Is the third time really the charm? This appears to be the question as we head into this weekend’s UFC 136 card. It’s the third time that UFC Lightweight (155 lbs.) Champion Frankie Edgar will face challenger Gray Maynard in a fight inside the octagon. It’s also the third time former lightweight, now featherweight (145 lbs.) Kenny Florian will challenge for a UFC world title after two failed attempts at 155 lbs; all that and more as we look ahead to UFC 136.
It’s been nine months since Frankie Edgar (13-1-1, 2 KO’s 3 subs) and Gray Maynard (10-0-1, 8 KO’s) kicked off the year right with a five round clash on New Year’s Day that ended in a draw. That was their first title fight against one another, but not their first fight. That actually took place over three years ago with Maynard handing Edgar the only loss of his career via decision. Eight rounds so far and we still haven’t been able to determine, who’s truly better than the other.
These two are so evenly matched that we may actually go another five rounds and still not know. However, notice I said “may,” as I believe this one will end with a clear cut winner. What I’m not sure of is who will be the victor? While I feel Edgar is the better all-around fighter, Maynard is clearly the bigger and stronger of the two. Therefore, one punch from Maynard can end the fight, while an accumulation of punches from Edgar can do the same.
On the ground, both are excellent wrestlers with strong collegiate backgrounds, but Maynard probably has the slight edge in this department based on his Big 10 experience. However, I feel Edgar has a slightly stronger jiu-jitsu and submission game. I’m having a difficult time picking a winner, but push, come to shove I’m taking Maynard solely because of two reasons.
First, he is naturally a bigger lightweight than Edgar as I believe the champ would be better suited fighting at 145 lbs. The other reason is that he owns one win over Edgar already and many argue that he may have won the second fight as well. My heart and east coast bias is telling me to go with Edgar, but logic and common sense is saying Maynard by decision. What other ending would it be?
In the co-main event, it’s another heart versus logic battle as Kenny Florian (14-5, 3 KO’s 9 subs) challenges for the featherweight title. However, in champion Jose Aldo (19-1, 12 KO’s 2 subs), he faces a consensus top five best pound for pound fighter in the world. This fight is intriguing on a few levels because for one it’s experience vs. youth. It’s also size vs. speed, but most importantly, it’s probably Florian’s last attempt at winning UFC gold.
At 35, Florian is ten years Aldo’s senior; and while both have had virtually the same amount of fights, Ken-Flo’s resume cannot be overlooked. Florian has fought all but three of his fights in the UFC against the lightweight division’s absolute best. That said, just look at who his only losses inside the octagon have been to.
Maynard, is currently challenging for the world title. He’s also lost to former champion and MMA legend B.J. Penn in a failed title bid. In another failed title attempt he lost to another former champion Sean Sherk and finally, he lost to Diego Sanchez in the finale of ‘The Ultimate Fighter’ Season One when he had to compete 40 pounds above his current fighting class at middleweight.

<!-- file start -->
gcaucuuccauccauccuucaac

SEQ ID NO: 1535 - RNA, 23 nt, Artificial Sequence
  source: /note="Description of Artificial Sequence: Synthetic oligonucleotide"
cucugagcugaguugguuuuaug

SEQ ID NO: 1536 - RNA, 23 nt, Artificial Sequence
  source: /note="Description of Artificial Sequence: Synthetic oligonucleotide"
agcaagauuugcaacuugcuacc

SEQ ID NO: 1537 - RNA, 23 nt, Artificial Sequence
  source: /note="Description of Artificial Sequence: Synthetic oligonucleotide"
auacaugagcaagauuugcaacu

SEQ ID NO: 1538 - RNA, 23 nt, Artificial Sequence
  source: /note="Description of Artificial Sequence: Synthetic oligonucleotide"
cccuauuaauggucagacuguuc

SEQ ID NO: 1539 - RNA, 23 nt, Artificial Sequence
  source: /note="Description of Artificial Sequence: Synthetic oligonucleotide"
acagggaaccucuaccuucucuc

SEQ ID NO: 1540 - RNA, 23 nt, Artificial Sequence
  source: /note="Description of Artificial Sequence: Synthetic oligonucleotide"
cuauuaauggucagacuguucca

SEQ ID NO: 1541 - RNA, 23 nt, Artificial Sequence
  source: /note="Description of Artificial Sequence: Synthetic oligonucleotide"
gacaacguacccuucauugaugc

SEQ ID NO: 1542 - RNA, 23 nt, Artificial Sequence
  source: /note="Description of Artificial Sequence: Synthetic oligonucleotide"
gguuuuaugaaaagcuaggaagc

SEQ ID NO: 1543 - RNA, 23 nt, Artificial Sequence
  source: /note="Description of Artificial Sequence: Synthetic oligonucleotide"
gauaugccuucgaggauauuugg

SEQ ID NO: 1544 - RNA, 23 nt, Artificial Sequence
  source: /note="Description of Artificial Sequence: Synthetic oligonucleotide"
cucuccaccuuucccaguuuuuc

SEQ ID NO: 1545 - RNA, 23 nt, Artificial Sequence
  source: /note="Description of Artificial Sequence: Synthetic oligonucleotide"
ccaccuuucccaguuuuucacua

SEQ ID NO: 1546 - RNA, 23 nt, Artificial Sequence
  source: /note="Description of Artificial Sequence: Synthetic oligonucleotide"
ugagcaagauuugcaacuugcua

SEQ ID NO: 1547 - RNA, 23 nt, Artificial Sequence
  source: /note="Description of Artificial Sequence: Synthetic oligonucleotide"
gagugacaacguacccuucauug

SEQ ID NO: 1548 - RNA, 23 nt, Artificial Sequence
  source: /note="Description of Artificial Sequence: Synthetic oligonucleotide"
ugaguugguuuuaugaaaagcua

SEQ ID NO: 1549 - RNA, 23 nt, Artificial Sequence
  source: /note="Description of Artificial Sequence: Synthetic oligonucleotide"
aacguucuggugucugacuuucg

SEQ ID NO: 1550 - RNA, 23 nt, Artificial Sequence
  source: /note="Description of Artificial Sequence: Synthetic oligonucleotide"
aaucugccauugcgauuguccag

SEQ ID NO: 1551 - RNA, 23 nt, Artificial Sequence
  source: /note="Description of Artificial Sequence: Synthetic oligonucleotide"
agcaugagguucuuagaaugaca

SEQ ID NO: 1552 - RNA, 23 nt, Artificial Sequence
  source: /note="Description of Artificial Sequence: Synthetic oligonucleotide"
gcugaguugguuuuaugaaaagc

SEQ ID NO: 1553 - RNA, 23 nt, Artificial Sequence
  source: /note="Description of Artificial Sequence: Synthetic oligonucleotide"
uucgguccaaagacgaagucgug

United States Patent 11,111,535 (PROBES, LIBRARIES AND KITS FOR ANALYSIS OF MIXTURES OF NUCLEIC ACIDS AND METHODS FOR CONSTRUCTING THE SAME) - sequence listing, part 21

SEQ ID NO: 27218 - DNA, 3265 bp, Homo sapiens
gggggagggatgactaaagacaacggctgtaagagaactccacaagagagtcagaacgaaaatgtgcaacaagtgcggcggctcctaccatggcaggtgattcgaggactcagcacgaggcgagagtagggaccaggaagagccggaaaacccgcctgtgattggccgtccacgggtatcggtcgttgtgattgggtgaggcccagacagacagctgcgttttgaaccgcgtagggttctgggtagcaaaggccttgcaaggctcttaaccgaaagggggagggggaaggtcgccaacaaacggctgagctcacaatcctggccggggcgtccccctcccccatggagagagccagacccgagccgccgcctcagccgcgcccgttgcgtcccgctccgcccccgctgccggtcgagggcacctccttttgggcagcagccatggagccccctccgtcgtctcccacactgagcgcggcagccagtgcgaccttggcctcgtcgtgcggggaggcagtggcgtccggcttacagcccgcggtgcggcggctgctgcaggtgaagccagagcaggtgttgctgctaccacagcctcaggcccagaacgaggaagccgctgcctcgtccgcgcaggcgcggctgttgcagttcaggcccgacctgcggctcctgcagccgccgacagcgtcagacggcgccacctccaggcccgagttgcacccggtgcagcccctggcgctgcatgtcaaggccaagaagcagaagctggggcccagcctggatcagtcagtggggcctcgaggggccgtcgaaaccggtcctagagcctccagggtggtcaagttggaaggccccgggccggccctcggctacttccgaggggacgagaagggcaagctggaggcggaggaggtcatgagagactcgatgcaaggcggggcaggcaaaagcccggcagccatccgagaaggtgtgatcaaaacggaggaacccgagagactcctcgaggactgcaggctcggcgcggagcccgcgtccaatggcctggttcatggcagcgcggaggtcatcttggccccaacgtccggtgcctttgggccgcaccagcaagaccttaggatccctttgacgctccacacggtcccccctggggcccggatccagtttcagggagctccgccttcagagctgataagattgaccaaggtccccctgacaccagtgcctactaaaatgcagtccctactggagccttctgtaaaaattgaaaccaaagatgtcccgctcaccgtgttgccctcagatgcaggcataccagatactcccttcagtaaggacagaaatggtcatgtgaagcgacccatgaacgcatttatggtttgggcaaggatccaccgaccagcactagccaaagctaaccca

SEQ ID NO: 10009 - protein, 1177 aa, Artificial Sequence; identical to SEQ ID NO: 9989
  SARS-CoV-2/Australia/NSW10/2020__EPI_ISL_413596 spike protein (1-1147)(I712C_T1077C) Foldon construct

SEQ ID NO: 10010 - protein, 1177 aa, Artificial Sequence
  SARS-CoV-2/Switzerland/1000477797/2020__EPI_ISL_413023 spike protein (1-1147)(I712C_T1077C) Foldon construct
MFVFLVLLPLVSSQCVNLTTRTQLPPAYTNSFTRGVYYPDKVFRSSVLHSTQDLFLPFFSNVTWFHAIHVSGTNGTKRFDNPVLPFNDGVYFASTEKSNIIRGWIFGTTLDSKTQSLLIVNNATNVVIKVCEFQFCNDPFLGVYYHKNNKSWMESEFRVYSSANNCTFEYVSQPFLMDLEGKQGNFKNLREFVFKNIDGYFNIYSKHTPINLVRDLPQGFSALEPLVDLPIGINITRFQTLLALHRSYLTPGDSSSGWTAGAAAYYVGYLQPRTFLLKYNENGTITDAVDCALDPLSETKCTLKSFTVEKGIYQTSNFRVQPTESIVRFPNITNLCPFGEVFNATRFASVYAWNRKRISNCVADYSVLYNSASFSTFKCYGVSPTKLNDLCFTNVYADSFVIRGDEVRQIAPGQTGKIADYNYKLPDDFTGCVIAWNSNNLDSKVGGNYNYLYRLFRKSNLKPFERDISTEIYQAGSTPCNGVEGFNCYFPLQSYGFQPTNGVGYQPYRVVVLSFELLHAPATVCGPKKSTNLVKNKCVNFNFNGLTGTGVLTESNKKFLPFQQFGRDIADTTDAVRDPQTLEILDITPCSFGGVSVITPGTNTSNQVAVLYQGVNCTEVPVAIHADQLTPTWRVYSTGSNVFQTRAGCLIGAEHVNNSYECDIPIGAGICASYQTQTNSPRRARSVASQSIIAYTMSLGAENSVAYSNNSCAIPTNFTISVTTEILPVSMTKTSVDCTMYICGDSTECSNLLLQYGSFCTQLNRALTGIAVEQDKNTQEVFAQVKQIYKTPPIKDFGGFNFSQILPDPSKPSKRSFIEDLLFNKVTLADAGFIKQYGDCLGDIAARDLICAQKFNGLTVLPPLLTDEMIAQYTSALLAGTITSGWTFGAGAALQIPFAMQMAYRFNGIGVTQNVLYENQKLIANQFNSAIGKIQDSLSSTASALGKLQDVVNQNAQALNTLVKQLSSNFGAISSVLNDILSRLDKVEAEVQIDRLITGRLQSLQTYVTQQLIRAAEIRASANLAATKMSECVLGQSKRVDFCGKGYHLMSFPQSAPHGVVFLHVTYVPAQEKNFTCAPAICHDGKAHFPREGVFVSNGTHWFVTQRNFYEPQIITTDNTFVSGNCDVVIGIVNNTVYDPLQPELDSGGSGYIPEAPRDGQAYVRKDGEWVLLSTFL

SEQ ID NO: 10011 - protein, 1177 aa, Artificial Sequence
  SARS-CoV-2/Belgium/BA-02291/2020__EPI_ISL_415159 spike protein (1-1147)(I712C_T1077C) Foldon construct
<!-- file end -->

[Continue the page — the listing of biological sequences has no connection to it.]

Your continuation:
Meanwhile Aldo, while competing against the WEC’s best before becoming UFC champion, has really fought no one neat that plateau other than former champions Urijah Faber and Mike Brown. However, whoever he has fought he’s annihilated with his quickness and ferocity. Although his frame dictates he’s a large featherweight, Florian is a natural lightweight who’s fought even heavier at both 170 and 185. Yet, the biggest question is will the third attempt at a world championship be the charm for Florian?
Another tough one for me as I truly believe Kenny’s size, experience and mastery of both Brazilian Jiu-Jitsu and Muay Thai can help him compete with anything Aldo throws his way; all except speed that is. Unfortunately, I think Aldo will be just too fast for Kenny no matter where the fight goes and that will be the telling difference in a TKO loss. My heart says Florian, but once again logic has superseded my emotions.
In two other fights of note, I’m anticipating knockouts of the highest variety. First, although Chael Sonnen’s wrestling can nullify just about anyone, just ask Anderson Silva, I think his time off due to suspension will leave just enough rust for Brian Stann to knock off for him. Stann (10-3, 7 KO’s 1 sub), a former WEC champion is finally rounding out as a fighter and that should help defend against Sonnen (25-11-1, 7 KO’s 3 subs), who’s best chance is to get Stann to the ground and keep him there.
I’m expecting more of the same from lightweight Melvin Guillard (29-8-2, 19 KO’s 2 subs) when he faces Joe Lauzon (20-6, 4 KO’s 16 subs). As tough and talented as Lauzon is, he’s no match for Guillard’s combination of speed, strength and power. If Lauzon was overpowered by George Sotiropoulos, he’s going to be overwhelmed by Guillard, who also appears to have finally rounded out as a fighter and is ready to challenge for the title. Short night for Lauzon as he gets KO’ed quick.